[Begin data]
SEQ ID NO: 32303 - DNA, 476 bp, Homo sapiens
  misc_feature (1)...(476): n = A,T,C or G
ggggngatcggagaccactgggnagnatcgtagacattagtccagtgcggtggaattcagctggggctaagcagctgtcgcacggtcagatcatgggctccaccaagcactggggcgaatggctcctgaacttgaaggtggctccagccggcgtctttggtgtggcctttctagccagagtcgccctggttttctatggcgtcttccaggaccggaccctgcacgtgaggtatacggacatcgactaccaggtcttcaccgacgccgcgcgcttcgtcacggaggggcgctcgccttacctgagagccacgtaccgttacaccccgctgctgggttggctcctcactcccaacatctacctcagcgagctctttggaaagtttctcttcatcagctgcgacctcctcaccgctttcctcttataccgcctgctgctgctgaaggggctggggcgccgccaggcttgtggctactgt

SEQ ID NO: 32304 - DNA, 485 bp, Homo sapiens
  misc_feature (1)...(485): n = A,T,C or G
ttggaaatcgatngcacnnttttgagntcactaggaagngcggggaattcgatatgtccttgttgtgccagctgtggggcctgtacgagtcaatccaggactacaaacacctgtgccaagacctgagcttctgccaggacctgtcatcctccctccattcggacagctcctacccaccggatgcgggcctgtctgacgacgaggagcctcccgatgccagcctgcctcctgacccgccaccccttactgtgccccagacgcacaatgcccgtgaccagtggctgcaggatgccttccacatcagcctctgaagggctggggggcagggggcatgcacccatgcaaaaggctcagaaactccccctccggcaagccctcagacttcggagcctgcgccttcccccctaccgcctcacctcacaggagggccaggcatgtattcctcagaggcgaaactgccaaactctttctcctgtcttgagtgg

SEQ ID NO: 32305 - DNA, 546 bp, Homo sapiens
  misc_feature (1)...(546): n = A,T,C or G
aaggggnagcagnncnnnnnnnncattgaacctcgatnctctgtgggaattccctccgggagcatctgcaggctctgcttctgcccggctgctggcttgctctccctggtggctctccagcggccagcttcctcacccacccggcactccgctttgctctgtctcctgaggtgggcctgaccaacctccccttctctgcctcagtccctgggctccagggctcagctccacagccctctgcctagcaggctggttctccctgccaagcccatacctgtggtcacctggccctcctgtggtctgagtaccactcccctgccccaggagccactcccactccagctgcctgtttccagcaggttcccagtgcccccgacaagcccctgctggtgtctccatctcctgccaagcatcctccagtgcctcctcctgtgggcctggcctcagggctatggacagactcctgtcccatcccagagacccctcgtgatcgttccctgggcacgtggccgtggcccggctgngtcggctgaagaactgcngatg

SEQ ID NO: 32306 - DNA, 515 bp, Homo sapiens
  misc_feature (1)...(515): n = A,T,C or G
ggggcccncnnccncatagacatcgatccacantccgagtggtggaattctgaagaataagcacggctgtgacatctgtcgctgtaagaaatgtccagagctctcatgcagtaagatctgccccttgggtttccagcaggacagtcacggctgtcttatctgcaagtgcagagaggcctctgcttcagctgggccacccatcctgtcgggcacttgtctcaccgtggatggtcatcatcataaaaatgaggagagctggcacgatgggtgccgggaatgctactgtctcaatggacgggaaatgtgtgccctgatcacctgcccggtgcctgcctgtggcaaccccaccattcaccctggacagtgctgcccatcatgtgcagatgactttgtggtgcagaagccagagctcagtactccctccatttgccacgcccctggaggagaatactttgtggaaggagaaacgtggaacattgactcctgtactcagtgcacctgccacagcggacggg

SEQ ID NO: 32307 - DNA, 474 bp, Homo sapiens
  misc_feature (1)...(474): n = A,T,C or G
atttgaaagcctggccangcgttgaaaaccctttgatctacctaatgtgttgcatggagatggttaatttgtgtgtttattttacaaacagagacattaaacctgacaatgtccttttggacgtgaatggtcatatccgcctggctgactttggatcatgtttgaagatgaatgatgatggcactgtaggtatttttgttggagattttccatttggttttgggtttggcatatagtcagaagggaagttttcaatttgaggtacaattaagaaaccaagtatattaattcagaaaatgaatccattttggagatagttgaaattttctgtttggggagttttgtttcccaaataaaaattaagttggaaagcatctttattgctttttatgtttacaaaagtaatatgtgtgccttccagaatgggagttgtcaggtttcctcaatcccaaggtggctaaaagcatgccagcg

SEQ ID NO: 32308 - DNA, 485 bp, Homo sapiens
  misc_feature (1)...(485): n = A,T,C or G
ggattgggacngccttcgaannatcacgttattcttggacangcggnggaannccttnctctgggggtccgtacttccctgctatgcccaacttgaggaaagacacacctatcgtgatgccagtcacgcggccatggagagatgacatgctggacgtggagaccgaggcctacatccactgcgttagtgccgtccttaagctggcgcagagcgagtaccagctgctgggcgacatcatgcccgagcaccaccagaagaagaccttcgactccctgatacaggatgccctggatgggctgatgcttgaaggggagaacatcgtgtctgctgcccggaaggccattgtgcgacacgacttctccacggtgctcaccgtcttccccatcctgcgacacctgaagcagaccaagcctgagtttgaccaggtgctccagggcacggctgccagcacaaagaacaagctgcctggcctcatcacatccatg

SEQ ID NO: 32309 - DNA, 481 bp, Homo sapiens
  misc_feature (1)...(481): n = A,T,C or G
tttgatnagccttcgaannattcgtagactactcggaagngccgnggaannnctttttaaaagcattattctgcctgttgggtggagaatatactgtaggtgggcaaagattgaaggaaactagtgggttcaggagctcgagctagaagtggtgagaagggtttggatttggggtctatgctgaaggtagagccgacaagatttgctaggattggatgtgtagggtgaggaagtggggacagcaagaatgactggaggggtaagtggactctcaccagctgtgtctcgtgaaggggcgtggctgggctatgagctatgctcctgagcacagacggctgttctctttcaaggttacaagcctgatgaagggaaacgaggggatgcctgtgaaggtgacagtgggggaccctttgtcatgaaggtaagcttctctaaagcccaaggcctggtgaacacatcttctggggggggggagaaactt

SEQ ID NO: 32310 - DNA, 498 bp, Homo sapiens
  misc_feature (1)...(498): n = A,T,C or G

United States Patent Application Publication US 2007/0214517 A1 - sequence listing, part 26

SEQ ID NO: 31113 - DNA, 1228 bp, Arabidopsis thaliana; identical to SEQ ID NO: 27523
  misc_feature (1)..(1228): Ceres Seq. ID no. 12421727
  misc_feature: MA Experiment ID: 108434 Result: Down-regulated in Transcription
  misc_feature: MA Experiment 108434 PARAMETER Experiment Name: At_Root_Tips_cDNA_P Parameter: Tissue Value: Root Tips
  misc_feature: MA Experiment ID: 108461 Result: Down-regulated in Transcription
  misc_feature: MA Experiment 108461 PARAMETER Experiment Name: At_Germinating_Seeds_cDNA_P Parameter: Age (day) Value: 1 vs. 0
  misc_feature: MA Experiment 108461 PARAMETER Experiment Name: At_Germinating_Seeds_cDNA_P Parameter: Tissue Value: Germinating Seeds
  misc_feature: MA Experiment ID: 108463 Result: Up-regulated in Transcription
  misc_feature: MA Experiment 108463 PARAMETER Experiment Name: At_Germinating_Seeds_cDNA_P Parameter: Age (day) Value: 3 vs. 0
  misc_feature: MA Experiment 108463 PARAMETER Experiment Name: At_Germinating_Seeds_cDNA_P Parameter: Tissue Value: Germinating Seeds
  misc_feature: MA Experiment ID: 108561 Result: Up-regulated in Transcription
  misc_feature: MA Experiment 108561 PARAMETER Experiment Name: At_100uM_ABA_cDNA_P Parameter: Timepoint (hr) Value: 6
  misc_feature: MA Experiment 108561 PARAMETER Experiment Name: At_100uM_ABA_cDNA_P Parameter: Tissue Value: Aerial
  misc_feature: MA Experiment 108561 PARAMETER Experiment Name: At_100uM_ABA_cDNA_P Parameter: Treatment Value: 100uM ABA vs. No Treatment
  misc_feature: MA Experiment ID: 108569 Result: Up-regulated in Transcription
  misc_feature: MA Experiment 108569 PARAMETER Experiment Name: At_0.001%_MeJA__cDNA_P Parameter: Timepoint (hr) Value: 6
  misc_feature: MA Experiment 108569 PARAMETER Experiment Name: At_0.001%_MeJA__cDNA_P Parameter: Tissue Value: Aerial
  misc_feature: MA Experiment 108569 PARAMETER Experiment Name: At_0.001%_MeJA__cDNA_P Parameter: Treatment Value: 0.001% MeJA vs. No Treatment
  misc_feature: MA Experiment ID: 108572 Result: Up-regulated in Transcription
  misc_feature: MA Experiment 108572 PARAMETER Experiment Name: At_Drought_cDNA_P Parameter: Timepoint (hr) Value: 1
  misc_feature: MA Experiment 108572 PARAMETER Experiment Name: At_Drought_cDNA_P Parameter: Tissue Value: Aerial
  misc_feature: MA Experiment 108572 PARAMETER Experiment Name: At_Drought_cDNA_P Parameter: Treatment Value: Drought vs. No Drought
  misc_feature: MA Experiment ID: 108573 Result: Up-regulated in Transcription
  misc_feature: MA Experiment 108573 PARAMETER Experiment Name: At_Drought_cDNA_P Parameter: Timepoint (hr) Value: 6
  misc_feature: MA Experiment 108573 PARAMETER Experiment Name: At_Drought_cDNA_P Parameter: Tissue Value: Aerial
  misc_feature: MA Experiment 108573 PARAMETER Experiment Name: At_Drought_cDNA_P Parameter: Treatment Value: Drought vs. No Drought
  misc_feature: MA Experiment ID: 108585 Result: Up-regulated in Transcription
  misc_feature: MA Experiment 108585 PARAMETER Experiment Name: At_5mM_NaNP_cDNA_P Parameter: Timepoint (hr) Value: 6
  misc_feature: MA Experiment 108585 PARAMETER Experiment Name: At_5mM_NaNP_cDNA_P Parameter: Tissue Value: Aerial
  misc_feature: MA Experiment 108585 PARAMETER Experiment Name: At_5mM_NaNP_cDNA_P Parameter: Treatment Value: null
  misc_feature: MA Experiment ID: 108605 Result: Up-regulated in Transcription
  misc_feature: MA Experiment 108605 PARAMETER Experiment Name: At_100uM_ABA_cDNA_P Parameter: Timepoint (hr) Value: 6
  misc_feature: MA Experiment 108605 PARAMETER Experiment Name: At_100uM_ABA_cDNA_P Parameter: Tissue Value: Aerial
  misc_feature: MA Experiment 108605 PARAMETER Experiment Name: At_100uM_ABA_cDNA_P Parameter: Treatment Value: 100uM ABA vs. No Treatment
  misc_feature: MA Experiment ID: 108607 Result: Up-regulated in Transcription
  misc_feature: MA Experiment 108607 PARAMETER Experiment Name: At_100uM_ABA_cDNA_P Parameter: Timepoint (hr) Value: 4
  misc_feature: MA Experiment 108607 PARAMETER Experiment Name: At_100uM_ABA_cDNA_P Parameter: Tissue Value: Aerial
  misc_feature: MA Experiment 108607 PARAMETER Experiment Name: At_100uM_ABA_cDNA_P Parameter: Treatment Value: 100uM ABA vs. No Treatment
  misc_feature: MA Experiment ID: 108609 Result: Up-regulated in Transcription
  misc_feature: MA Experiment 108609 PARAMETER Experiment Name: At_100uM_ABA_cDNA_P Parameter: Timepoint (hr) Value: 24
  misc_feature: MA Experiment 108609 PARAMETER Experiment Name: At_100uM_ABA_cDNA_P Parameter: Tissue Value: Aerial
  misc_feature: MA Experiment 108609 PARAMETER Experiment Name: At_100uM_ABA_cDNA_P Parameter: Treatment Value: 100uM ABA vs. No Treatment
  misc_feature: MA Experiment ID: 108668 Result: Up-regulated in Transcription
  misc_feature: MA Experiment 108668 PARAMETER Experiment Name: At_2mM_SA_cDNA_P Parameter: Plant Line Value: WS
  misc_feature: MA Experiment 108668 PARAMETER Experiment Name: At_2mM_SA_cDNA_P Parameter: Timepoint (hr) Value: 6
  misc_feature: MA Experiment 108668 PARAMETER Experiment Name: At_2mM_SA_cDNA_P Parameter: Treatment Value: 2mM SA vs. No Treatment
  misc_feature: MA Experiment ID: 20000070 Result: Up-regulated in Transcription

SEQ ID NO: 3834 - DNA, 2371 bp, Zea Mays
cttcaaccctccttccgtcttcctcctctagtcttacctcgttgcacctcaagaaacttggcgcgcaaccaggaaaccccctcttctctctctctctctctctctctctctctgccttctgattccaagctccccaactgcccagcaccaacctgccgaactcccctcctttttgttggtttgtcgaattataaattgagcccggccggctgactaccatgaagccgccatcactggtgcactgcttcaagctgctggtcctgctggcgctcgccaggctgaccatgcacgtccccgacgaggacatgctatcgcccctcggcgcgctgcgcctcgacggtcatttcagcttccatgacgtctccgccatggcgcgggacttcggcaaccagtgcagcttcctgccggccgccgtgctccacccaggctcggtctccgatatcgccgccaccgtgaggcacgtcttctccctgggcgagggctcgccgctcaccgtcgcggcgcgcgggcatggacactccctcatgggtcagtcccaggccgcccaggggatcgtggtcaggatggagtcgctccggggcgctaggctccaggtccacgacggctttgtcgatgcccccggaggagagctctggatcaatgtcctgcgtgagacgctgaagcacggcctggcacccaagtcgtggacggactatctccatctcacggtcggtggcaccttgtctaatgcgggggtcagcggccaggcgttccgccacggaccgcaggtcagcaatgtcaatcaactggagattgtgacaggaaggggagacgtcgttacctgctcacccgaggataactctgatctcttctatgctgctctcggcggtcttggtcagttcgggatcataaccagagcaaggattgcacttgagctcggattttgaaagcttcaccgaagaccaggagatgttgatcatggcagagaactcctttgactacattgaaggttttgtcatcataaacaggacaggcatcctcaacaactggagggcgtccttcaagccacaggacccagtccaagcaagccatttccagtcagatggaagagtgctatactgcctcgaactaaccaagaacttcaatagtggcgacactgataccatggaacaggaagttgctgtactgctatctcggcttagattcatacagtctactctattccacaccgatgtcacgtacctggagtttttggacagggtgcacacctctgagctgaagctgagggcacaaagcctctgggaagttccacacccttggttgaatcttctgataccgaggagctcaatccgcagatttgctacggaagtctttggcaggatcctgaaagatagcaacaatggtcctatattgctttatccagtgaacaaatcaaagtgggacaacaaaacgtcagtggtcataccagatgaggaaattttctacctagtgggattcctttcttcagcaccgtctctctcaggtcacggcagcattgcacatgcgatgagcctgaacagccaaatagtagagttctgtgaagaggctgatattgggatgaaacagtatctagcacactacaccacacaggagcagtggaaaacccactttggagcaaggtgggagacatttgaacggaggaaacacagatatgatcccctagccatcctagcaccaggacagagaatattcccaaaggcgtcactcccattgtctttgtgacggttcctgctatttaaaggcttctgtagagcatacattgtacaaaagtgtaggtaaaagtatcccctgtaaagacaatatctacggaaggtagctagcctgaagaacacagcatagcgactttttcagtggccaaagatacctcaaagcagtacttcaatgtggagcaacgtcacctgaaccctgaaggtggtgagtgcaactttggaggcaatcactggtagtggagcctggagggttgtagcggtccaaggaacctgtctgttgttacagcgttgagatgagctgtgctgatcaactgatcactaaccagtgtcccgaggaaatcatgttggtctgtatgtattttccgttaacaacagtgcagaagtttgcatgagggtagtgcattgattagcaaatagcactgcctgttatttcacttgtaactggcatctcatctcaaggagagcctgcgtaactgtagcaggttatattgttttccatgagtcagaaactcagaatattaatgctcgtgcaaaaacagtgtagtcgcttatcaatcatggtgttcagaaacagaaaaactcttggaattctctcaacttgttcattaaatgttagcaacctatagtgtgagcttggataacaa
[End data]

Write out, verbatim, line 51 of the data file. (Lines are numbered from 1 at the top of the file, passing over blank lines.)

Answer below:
  misc_feature: MA Experiment ID: 108585 Result: Up-regulated in Transcription